Today I share with you something that I discovered and that has left me impacted. Médecins Sans Frontières, Aid in Action, Médecins du Monde, Save the Children, Greenpeace, Amnesty International, Action Against Hunger, Plan, Unicef, Anesvad … the list is endless. All these NGOs (and a few others) are spending their money on marketing. And even worse: in general expenses. Wages, go. Instead of dedicating your donation in full to the causes, they spend it in bullshit …
Do you think it’s a scandal? Allow me another question, and we go into the details: Do you think that NGOs are important to change the world? If you answer yes, accompany me to question many stupid beliefs that prevent solidarity from growing.
Charity or business?
Do you prefer that of the donated money, 95% go to the causes and only 5% to general expenses … or is it better that 40% remain in expenses? I put it with an example: Is it better that the cake that represents an NGO is $ 71 if from there 95% goes to the causes, or that NGO devotes 40% to general expenses (including marketing and advertising to capture More partners) and get $ 71 million? I do not ask you the question, but Dan Pallotta.
And who is Dan Pallotta? A brilliant guy who has spent his whole life dedicated to improving the world, with impressive results. He has achieved several records going against current. For example? For 9 years at the forefront of the AIDSRaidsUSA campaign, they did careers in solidarity and thought big. Instead of “give me as little as you can,” they asked: “Give us everything you can, we want to do everything in our power to change things.” They got 180,000 participants to donate $ 581 million. 581 million!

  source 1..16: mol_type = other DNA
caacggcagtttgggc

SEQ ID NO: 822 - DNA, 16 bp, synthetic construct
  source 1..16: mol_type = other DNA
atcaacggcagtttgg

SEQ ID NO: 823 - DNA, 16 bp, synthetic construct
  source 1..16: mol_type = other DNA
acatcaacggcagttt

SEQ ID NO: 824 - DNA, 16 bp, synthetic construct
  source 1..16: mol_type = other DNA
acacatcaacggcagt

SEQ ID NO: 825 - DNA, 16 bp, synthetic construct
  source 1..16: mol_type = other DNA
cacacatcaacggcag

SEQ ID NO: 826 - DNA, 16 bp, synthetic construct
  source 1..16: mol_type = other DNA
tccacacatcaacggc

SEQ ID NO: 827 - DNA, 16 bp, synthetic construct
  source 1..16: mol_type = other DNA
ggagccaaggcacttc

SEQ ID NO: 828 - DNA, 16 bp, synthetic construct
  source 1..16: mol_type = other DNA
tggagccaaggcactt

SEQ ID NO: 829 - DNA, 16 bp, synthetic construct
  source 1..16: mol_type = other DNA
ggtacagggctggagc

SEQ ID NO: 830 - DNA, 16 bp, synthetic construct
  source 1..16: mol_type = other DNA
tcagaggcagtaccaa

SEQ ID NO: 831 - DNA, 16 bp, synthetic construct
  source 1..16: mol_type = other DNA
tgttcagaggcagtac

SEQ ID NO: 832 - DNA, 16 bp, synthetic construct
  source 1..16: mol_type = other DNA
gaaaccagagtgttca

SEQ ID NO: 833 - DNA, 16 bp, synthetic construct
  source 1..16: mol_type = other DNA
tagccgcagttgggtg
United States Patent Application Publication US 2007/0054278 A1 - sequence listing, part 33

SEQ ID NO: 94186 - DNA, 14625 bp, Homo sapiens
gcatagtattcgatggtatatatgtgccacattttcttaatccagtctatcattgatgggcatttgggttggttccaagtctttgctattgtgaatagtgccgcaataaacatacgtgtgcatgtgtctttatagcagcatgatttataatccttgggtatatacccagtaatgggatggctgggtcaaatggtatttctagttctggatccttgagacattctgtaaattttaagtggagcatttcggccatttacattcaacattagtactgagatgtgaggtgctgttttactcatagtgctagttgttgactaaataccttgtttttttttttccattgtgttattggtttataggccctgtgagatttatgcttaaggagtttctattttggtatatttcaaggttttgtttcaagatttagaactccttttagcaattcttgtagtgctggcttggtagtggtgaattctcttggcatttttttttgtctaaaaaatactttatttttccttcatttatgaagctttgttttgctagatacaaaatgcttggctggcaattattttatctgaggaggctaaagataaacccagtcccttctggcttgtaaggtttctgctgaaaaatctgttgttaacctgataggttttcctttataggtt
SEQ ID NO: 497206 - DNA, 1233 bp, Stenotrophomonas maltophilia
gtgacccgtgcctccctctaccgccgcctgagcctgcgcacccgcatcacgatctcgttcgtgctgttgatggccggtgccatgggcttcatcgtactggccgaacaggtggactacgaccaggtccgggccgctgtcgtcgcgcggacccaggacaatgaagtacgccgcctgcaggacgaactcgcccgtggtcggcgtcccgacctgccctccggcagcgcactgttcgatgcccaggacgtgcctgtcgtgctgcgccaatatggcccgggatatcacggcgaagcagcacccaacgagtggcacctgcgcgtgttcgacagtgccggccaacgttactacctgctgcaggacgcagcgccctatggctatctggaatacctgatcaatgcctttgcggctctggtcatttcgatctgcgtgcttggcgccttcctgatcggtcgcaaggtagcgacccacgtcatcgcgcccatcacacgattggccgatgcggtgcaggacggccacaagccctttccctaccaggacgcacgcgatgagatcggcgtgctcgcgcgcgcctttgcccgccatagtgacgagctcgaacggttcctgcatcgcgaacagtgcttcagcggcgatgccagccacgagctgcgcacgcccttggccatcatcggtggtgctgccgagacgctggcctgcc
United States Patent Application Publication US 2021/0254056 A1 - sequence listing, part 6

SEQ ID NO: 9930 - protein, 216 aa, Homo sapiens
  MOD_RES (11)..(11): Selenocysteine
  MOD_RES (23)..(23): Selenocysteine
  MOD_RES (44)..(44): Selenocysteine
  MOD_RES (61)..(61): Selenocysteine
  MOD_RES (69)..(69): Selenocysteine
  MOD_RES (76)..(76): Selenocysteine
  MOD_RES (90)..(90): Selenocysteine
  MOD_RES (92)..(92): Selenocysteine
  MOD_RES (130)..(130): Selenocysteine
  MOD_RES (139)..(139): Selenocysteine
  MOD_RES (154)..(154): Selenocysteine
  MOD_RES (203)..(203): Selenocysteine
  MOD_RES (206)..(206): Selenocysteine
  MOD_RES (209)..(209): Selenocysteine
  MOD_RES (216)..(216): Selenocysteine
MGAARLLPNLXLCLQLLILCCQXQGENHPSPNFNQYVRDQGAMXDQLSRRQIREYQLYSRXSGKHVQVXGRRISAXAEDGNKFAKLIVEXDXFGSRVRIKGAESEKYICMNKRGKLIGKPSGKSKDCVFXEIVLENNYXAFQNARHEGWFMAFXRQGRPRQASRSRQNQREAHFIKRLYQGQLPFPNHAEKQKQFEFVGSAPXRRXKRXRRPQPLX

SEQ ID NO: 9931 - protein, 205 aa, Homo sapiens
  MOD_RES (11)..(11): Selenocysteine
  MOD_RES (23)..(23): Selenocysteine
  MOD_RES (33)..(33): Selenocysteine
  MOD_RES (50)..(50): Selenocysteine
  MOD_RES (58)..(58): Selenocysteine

Dan says he’s sick of hearing that you should not spend money on advertising. They invested in buying ads in the top US newspapers and in the best prime time spaces on American TV. That was a key part of his success. And he asks himself: Do you know how many people would have participated if we had put ads on leaflets distributed in laundries? So look at the chart and think again: Is having a 5% overhead in an NGO better than having them 40%? Will not it be more important – with nuances – to look at how big the cake is …?